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  • Writer's pictureMichael Campagna

5 Ways to Find Your First 5 Paying Customers (+ Examples)

Launching a new business is a thrilling endeavor. And in the beginning, many small business leaders ride that thrill through the process of quitting their old job, venturing out on their own, and building a unique product or service. While all of these are necessary steps in the process, many leaders prioritize these secondary issues while neglecting the most important thing for their business: finding paying customers.

When it comes down to it, a great business is not a fancy website, a well crafted elevator pitch, or even a superior product. A great business is made up of loyal customers who are willing to pay for that product and recommend it to others. As you launch your new business, your goal should be taking the quickest route possible to finding those customers.

Your first customers in particular are even more valuable to the long-term success of your brand. Their interest in your product will validate your idea, showing a demand for the thing you sell. They will also provide an invaluable research opportunity for your brand, as their feedback will give you a good understanding of what worked and what need improvement going forward.

This article will provide 5 actionable steps you can take right now in order to generate your first 5 paying customers. We will also provide a few extra steps you can take in order to multiply those first customers into even more business for your brand.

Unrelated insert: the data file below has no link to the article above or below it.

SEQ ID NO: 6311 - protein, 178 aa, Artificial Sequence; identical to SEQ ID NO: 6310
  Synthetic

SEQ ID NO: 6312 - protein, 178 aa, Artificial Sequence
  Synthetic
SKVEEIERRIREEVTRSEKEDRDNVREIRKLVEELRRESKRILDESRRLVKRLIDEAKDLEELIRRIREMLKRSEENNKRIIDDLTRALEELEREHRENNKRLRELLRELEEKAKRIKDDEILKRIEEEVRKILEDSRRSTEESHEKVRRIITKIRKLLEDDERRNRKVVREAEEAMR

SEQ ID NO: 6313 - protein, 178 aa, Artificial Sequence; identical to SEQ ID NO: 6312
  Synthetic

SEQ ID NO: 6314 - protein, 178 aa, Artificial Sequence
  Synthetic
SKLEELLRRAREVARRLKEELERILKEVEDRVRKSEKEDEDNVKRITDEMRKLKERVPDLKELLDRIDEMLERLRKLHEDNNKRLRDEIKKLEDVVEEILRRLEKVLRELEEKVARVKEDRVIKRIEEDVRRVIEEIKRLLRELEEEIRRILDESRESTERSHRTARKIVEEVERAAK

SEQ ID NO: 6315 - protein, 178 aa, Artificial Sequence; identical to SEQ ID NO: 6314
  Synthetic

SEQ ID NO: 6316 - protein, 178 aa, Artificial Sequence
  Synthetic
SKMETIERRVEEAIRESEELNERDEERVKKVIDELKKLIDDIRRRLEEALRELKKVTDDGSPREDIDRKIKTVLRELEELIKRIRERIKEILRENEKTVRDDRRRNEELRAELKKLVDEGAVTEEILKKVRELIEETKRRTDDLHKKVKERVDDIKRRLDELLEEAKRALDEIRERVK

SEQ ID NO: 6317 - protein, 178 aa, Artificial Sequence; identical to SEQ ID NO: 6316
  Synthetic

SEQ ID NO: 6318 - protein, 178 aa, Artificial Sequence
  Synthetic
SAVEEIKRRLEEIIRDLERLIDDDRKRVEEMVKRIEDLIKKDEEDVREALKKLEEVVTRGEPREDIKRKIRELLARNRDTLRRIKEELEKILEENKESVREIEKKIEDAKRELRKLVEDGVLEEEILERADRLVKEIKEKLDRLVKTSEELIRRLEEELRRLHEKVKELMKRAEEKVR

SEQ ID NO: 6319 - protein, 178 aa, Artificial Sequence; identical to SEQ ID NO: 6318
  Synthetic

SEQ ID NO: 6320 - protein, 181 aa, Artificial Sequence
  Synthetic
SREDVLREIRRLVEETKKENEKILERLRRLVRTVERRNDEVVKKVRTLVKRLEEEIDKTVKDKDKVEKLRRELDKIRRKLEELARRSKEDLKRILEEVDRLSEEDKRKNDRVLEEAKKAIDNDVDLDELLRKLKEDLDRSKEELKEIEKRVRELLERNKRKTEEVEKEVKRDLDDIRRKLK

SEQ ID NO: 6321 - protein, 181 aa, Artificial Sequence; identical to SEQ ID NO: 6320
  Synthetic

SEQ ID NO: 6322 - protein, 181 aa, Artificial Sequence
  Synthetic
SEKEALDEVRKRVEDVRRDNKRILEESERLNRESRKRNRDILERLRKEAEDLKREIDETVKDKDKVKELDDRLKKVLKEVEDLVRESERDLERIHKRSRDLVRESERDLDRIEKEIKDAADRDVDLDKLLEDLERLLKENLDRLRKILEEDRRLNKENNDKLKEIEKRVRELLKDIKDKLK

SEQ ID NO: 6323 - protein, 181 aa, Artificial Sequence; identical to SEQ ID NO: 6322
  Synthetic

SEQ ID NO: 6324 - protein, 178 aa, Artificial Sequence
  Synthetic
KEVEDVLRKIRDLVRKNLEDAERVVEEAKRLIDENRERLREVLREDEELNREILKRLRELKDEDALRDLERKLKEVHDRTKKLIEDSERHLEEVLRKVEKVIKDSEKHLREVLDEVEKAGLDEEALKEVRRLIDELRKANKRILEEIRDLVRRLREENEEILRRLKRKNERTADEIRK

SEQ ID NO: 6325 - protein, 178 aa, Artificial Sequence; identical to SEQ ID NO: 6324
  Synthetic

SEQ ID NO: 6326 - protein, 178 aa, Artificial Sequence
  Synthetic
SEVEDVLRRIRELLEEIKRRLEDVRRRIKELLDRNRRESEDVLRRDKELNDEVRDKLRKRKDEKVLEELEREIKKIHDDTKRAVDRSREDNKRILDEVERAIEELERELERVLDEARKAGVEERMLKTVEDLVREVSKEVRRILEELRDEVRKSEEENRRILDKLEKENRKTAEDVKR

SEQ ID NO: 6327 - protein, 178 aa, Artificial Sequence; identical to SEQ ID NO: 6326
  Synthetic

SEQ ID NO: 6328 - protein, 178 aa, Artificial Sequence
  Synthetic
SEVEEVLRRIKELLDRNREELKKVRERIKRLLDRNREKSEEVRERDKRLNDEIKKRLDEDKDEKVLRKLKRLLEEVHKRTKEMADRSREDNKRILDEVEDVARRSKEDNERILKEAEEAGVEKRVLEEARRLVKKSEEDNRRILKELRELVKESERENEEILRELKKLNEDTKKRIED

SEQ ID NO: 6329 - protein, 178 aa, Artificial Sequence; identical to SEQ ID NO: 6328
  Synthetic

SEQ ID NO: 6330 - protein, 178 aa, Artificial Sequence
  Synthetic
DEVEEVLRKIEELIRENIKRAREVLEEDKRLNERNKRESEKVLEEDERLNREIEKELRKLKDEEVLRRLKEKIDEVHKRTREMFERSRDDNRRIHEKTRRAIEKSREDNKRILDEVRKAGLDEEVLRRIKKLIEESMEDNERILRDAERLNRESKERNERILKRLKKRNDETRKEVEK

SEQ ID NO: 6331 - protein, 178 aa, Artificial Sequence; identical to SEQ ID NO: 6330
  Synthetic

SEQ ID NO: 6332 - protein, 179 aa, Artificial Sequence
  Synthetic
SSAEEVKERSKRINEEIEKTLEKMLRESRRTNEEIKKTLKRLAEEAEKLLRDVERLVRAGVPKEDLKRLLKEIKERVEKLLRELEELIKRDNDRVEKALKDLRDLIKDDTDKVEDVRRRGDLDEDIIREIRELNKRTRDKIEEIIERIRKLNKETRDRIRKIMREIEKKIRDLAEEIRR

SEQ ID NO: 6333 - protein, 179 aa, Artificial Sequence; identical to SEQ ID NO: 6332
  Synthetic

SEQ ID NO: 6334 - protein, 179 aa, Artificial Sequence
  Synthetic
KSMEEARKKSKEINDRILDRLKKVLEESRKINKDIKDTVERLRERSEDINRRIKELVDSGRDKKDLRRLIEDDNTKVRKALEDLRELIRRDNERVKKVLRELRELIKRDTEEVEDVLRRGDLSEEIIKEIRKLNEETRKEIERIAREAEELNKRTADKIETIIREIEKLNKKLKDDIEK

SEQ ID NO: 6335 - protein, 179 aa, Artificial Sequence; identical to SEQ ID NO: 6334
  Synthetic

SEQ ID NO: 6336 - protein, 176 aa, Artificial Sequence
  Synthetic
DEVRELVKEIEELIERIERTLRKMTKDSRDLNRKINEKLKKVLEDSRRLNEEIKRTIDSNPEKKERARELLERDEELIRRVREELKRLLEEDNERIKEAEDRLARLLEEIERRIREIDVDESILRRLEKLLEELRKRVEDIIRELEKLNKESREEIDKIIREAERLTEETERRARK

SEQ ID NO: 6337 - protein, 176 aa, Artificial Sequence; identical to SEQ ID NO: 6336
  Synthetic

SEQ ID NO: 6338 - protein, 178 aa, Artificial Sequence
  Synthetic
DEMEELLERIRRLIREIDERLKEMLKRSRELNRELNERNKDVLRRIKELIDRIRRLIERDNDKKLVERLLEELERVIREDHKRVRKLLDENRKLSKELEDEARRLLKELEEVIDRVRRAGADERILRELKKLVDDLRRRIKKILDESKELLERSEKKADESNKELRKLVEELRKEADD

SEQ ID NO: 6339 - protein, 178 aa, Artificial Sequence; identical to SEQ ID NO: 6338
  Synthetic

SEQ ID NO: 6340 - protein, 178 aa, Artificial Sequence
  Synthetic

business meeting with clients

How to find your first customers

Finding your first customers can be a frustrating milestone for a small business looking to make an impact in their industry. For some, the difficulty in reaching that initial milestone will lead them to abandon their hopes of starting a business altogether. But there are a few key strategies your brand can prioritize in this pivotal time to set yourself up for long-term success moving forward. Before we get into those strategies, there are a few things to keep in mind when it comes to your first customers.

If your business is brand new, it is likely that you do not yet have reviews to give your product credibility in the marketplace. For that reason, you might consider lowering your prices for your first few customers, knowing that their reviews will be much more valuable in the long term than the money you will lose from your first few sales. This will encourage more people to work with you, and reduce the risk they feel in partnering with a new company.

Another important thing to note is the necessity of doing things that might not scale in the long term in order to get the ball rolling for your brand in the short term. Several of the strategies laid out in this article might take more time and effort to implement than you had originally planned. But be encouraged that once you find those first few customers for your brand, momentum will inevitably build, requiring less and less effort to generate each new lead. Oftentimes, those first few paying customers will be the ones whose referrals get you your next customers and so on.

Utilize your existing network

Your existing network of friends, family, old college acquaintances, and former co-workers are all great places to start when it comes to identifying business opportunities.

When it comes to effectively reaching your network and (tastefully) soliciting referrals, we recommend two strategies:

First, craft a concise LinkedIn post updating your connections about this new endeavor, including mention of your experiences that led you to start a business in the first place. Give some information on your offer and the best ways for people to get connected with you if they want to learn more.